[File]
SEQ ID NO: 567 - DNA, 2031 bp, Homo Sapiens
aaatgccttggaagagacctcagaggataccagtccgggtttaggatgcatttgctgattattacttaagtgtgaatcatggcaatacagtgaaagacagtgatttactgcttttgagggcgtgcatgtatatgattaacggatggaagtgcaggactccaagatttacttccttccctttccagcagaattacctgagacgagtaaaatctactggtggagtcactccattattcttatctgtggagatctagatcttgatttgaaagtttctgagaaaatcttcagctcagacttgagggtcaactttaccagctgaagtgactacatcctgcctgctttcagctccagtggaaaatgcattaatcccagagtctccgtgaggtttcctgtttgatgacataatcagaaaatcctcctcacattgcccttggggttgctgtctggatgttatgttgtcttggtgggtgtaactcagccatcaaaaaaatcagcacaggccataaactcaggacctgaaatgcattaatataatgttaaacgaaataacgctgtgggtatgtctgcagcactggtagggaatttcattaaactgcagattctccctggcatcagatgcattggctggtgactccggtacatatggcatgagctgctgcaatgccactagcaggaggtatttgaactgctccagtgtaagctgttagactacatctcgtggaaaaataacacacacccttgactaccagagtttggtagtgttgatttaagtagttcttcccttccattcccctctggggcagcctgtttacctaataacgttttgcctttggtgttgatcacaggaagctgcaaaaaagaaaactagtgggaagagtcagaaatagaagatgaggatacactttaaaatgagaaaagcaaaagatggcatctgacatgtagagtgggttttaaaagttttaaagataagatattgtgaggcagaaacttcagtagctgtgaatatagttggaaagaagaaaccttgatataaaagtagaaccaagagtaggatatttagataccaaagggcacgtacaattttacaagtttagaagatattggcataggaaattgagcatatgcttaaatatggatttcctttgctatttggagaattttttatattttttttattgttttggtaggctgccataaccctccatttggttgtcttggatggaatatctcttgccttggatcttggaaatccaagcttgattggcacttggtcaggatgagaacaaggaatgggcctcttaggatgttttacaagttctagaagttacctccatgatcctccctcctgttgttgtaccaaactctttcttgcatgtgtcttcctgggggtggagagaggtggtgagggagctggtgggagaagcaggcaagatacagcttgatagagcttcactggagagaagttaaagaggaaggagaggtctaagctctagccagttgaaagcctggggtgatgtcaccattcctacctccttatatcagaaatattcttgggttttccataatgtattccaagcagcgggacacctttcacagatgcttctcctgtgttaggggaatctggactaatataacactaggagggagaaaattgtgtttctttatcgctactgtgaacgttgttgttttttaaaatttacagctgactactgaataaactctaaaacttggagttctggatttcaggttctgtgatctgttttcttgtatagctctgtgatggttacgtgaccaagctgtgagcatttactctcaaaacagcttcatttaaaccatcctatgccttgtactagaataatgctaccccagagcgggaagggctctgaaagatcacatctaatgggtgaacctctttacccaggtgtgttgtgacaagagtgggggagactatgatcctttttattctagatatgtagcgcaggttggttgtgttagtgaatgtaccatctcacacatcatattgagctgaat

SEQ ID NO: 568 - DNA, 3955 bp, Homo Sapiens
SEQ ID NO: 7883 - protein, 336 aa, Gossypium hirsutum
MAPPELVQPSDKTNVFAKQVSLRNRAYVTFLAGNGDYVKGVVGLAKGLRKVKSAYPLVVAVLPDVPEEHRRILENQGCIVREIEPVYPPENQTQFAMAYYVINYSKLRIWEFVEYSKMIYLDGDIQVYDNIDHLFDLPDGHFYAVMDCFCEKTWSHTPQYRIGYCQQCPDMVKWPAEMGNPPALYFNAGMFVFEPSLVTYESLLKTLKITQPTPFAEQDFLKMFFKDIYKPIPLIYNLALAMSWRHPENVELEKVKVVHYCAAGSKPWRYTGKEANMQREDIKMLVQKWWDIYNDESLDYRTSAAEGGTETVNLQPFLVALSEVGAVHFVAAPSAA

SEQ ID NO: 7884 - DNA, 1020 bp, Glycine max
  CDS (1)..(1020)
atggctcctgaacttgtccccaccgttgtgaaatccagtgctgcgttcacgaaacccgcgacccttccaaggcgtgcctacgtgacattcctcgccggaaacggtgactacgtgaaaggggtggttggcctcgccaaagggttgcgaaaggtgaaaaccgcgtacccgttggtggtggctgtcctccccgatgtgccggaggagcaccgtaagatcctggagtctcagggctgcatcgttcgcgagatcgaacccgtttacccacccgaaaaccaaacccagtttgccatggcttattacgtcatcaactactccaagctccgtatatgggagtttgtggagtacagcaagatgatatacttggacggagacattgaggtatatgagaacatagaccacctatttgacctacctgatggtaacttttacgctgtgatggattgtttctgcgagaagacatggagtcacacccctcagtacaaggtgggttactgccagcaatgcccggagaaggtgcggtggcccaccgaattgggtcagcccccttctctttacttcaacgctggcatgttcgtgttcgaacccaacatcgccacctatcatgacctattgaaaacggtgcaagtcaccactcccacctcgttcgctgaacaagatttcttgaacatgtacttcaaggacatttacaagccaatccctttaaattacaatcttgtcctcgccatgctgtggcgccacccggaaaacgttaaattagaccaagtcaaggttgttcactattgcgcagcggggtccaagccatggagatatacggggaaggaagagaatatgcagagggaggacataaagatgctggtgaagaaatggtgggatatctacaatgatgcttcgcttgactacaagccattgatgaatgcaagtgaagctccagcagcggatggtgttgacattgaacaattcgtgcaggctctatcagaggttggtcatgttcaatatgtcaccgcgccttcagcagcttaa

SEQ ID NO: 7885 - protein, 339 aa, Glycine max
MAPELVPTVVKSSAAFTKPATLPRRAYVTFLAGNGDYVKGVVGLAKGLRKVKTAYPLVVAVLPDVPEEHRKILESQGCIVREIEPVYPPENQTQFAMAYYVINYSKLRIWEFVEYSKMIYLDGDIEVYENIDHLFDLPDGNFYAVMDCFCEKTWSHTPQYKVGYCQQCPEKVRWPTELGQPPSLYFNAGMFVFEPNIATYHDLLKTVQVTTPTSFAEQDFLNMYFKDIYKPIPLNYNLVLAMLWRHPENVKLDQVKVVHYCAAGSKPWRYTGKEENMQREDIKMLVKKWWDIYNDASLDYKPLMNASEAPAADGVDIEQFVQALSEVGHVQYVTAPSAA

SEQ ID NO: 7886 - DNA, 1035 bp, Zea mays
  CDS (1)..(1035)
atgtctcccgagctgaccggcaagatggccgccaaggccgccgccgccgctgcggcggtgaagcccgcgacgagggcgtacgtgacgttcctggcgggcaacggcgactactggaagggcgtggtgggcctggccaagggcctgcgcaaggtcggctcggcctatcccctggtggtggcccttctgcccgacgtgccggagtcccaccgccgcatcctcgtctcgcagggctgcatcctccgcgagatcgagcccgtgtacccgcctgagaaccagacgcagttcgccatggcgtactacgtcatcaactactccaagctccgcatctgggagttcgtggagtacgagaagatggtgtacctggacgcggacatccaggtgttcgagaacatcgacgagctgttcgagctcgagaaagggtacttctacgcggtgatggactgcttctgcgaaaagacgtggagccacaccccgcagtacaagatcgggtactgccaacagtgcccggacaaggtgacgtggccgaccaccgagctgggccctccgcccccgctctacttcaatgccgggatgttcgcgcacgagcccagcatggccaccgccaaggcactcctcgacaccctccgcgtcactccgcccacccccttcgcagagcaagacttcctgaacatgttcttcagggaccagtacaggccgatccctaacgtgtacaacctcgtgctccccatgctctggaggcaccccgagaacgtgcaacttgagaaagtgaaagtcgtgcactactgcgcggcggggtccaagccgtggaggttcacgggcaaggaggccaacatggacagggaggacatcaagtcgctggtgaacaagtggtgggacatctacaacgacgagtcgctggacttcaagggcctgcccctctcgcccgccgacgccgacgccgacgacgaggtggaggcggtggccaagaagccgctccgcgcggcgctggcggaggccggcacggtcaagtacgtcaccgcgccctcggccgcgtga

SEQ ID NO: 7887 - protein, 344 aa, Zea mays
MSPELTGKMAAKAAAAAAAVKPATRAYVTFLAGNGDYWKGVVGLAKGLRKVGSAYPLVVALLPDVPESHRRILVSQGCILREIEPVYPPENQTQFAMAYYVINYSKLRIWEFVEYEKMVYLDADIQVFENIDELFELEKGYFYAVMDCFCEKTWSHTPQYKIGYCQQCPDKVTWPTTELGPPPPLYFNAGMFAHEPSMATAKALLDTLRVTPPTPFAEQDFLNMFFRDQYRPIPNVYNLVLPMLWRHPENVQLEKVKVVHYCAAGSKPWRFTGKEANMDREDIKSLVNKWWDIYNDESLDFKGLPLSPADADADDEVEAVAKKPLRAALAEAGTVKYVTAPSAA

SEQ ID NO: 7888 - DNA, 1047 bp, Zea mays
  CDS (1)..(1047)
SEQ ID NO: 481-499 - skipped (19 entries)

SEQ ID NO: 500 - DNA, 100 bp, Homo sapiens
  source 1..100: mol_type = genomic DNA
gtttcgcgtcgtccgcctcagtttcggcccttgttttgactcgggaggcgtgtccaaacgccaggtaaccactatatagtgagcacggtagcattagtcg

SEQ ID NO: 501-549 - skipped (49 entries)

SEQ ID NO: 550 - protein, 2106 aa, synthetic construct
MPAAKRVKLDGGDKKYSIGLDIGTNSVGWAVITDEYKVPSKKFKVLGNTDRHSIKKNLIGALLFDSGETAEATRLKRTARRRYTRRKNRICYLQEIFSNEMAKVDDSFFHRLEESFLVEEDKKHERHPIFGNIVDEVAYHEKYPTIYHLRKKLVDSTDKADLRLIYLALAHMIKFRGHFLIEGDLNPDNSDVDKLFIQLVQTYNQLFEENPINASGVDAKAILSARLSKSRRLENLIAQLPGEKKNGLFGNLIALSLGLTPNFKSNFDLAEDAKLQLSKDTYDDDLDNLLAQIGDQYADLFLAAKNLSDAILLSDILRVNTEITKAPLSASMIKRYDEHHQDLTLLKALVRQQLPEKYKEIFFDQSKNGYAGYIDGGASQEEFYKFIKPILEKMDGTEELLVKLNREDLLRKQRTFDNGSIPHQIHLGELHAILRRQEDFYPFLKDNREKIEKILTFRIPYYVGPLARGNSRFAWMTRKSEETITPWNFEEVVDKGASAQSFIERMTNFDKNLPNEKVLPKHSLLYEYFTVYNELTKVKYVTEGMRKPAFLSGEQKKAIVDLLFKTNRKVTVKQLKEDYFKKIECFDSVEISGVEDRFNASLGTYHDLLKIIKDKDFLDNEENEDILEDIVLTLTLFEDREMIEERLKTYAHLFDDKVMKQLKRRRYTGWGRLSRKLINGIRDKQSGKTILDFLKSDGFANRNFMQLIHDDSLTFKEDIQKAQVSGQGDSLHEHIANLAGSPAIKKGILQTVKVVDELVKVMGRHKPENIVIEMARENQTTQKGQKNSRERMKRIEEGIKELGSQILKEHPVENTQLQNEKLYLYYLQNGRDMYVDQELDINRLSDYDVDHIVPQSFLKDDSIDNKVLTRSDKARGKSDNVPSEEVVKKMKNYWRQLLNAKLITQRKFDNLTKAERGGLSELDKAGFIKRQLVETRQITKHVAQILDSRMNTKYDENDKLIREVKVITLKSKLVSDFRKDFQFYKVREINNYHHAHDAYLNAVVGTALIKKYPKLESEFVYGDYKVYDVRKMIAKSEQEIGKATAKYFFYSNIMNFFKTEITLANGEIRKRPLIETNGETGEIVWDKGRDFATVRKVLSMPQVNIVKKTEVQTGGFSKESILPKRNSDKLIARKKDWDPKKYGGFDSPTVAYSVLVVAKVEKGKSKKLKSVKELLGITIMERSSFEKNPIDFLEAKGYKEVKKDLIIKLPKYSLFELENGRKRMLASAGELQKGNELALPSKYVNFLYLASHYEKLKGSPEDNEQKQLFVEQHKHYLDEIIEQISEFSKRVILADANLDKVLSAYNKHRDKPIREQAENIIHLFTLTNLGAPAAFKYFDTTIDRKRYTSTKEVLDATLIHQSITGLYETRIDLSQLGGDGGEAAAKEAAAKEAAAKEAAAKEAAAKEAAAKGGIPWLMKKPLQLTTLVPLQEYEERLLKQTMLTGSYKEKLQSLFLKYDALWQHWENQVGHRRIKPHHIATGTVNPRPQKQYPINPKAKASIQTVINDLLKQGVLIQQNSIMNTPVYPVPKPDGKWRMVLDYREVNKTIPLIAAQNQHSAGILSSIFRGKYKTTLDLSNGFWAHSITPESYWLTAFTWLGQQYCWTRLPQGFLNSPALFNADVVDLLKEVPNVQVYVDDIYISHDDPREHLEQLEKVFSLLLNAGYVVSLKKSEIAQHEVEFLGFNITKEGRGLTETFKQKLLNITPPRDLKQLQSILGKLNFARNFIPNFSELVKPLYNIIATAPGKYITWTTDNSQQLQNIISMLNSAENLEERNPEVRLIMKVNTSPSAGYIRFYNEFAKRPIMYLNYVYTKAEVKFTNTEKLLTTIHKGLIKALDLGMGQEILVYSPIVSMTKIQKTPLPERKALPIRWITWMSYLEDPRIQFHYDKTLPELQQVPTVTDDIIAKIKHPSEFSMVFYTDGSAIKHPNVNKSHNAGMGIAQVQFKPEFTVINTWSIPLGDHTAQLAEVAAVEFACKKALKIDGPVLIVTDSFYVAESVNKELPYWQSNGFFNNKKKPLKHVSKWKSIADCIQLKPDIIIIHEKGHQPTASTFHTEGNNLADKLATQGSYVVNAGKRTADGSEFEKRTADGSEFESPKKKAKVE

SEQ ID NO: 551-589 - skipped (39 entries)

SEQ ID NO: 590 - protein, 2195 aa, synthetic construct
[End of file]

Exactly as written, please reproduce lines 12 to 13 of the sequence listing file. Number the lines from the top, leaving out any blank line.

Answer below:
  CDS (1)..(1035)
atgtctcccgagctgaccggcaagatggccgccaaggccgccgccgccgctgcggcggtgaagcccgcgacgagggcgtacgtgacgttcctggcgggcaacggcgactactggaagggcgtggtgggcctggccaagggcctgcgcaaggtcggctcggcctatcccctggtggtggcccttctgcccgacgtgccggagtcccaccgccgcatcctcgtctcgcagggctgcatcctccgcgagatcgagcccgtgtacccgcctgagaaccagacgcagttcgccatggcgtactacgtcatcaactactccaagctccgcatctgggagttcgtggagtacgagaagatggtgtacctggacgcggacatccaggtgttcgagaacatcgacgagctgttcgagctcgagaaagggtacttctacgcggtgatggactgcttctgcgaaaagacgtggagccacaccccgcagtacaagatcgggtactgccaacagtgcccggacaaggtgacgtggccgaccaccgagctgggccctccgcccccgctctacttcaatgccgggatgttcgcgcacgagcccagcatggccaccgccaaggcactcctcgacaccctccgcgtcactccgcccacccccttcgcagagcaagacttcctgaacatgttcttcagggaccagtacaggccgatccctaacgtgtacaacctcgtgctccccatgctctggaggcaccccgagaacgtgcaacttgagaaagtgaaagtcgtgcactactgcgcggcggggtccaagccgtggaggttcacgggcaaggaggccaacatggacagggaggacatcaagtcgctggtgaacaagtggtgggacatctacaacgacgagtcgctggacttcaagggcctgcccctctcgcccgccgacgccgacgccgacgacgaggtggaggcggtggccaagaagccgctccgcgcggcgctggcggaggccggcacggtcaagtacgtcaccgcgccctcggccgcgtga